What does accessibility mean?
It can mean a wide range of things to a broad audience, but the essence of access is finding ways to include people in community who might otherwise be left out because of differing abilities or needs.
Differing from whom?
There will always be an average person in the crowd, someone who doesn’t require more or request less. Structural ableism establishes this person as “normal” throughout society, leaving the rest of people, who are differently abled in any way, not just slightly less able, not just variant in the way that all humans are different from each other, but disabled, and that with a capital D. Both our bodies and our structures betray us.
What’s the story here?
This door opener is in use at a Unitarian Universalist church. It doesn’t matter which one; it could be yours. The door opener could be viewed as a means of inclusion. It’s a gadget that makes it possible for people whose ability varies from the average person’s to open the door and enter the building. There are a few important things to remember about door openers. One is that they only open doors; they don’t create welcome. Only people can do that.
The second important idea is about the wording on the sign. The door opener only works on weekdays during business hours and Sunday mornings. This gives rise to a few questions:
- If I attend an adult education class in the evenings, does this mean that the opener won’t be available?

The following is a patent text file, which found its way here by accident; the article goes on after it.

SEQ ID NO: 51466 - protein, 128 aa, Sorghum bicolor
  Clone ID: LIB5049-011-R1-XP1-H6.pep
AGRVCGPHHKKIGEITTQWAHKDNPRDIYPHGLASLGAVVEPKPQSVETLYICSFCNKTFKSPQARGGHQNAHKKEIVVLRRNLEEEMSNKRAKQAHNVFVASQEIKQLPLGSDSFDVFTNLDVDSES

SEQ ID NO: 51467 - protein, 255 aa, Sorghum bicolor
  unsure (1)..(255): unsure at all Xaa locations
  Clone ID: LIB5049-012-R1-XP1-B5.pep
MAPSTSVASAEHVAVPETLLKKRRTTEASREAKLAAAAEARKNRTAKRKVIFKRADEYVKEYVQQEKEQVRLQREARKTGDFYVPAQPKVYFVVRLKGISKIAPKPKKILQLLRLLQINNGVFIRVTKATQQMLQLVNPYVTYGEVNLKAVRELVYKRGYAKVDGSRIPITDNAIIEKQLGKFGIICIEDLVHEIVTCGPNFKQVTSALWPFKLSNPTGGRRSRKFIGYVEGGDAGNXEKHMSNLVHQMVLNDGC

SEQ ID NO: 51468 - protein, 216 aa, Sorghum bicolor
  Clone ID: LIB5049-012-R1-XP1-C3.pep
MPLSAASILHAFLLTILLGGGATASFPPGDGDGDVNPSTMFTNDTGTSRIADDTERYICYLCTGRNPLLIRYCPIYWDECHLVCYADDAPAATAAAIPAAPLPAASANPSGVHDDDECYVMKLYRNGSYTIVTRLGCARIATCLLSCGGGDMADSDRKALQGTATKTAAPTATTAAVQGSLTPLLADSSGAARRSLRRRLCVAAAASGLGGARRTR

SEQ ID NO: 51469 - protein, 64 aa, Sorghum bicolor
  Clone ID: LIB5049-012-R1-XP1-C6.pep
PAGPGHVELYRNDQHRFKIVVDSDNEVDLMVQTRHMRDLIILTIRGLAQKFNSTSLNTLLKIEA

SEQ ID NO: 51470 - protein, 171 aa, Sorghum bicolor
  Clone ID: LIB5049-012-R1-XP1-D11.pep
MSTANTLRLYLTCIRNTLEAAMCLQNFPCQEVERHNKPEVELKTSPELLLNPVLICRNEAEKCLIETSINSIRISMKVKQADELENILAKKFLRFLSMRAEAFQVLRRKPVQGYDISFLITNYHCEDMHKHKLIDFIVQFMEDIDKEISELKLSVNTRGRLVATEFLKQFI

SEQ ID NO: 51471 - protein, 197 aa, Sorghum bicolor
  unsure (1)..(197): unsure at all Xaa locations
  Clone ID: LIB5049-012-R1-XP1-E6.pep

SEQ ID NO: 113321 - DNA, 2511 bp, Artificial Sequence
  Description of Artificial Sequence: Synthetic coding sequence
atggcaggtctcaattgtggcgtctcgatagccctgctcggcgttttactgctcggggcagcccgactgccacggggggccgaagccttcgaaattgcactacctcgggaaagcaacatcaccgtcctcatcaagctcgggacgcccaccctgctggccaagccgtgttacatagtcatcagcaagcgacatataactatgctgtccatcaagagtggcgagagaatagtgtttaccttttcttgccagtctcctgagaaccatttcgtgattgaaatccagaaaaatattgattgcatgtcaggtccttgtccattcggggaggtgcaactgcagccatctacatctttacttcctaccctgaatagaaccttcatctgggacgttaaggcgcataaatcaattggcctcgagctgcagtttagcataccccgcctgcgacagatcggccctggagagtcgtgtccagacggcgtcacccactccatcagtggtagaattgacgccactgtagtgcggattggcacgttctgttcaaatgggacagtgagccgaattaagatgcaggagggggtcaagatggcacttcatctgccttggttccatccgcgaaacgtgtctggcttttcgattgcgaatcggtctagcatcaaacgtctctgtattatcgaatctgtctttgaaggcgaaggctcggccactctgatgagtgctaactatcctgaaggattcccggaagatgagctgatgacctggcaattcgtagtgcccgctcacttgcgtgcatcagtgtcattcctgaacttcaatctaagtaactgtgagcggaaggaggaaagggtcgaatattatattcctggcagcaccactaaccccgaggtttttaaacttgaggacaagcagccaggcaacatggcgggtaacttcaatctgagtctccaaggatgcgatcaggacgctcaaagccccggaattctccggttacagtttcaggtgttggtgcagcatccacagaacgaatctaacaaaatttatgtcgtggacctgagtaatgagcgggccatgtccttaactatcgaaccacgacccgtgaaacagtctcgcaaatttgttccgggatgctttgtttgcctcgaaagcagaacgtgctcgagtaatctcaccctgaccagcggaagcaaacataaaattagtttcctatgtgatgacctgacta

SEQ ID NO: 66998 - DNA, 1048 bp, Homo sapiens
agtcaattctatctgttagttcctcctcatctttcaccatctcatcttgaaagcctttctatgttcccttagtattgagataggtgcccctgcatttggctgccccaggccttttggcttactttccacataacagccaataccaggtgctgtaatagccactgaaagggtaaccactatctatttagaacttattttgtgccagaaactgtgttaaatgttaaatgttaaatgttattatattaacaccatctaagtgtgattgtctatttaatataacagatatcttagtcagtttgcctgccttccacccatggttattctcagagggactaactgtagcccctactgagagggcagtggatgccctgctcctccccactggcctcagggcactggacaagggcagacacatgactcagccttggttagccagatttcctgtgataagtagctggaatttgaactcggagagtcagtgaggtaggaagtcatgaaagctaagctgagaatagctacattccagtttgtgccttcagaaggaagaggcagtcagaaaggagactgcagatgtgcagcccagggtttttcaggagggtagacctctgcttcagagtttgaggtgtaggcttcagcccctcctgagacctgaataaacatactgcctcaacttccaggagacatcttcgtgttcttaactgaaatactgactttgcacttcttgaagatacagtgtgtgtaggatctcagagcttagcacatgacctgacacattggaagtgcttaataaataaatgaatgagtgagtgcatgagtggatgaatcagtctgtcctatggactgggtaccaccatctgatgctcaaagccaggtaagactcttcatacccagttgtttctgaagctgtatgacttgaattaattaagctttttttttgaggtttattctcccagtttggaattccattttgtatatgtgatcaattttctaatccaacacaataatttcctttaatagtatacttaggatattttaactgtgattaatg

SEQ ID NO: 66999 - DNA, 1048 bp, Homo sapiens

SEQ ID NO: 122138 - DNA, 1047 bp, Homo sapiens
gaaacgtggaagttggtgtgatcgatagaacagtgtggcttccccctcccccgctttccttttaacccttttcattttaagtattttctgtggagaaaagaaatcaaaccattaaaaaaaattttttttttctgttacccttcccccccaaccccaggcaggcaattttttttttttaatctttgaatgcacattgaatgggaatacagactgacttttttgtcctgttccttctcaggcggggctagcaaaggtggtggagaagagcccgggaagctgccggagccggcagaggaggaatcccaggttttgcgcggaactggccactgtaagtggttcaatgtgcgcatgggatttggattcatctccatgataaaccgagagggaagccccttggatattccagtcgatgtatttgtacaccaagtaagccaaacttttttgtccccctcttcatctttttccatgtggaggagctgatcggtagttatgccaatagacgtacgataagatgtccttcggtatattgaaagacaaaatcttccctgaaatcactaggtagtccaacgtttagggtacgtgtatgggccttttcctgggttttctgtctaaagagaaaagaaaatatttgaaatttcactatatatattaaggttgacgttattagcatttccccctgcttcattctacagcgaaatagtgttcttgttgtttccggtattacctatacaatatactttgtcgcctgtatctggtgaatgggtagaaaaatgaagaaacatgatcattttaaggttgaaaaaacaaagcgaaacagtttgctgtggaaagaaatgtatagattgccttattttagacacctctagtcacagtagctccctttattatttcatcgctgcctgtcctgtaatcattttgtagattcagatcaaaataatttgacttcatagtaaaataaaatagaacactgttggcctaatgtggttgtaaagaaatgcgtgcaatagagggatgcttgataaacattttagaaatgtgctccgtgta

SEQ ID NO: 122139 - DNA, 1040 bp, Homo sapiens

- If I linger after coffee hour, am I going to get stuck without door opener assistance?
- If someone forgets to make it available, does that mean my disabled arms are out of luck? There’s no back-up or emergency contact on the sign.
Why can’t someone just open the door for you?
Maybe they can, if they are there at the same time I am. Maybe it’s all right, if they don’t have other responsibilities to attend to. What if no one is there? Does that mean I should wait outside the church until someone comes, assuming there weren’t a door opener? I would say that waiting outside the building, in front of an unmanageable door is the opposite of welcome.
Leah Lakshmi Piepzna-Samarasinha puts it this way, “Access is a concrete form of love for our beloved community.”
Making a way for people to be included in community is a natural way for us to express that we care. The people who put up this sign, more likely than not, care about people whose arms don’t work the old-fashioned way. (For the record, I can open a door with one arm when I am on my scooter, but it is hard on my hand, arm, and shoulder, and better self-care if I don’t.)
We need door openers, and lots of them. One of the things that they signal is that the people inside are interested in including people of varying abilities in their community. We need our thinking caps. What are other ways we can include people? Does an activity or project unintentionally create barriers to participation? We can’t think of everyone everywhere; we don’t know them. But the people we know, the people who come to our community, they can be included.
We need one more thing: our feelers. It’s not enough to only think about access and inclusion. I must also think about how it will feel to be the person who needs the door opener and finds it turned off. I need to consider how it would feel to be someone with varying ability who reads the sign by the door opener that tells me, “Just open it the old-fashioned way already.”
If we work at including people of varying abilities, think about solutions, and consider the feelings of people involved, we have a much better chance of creating a community that we all want to be in and enjoy.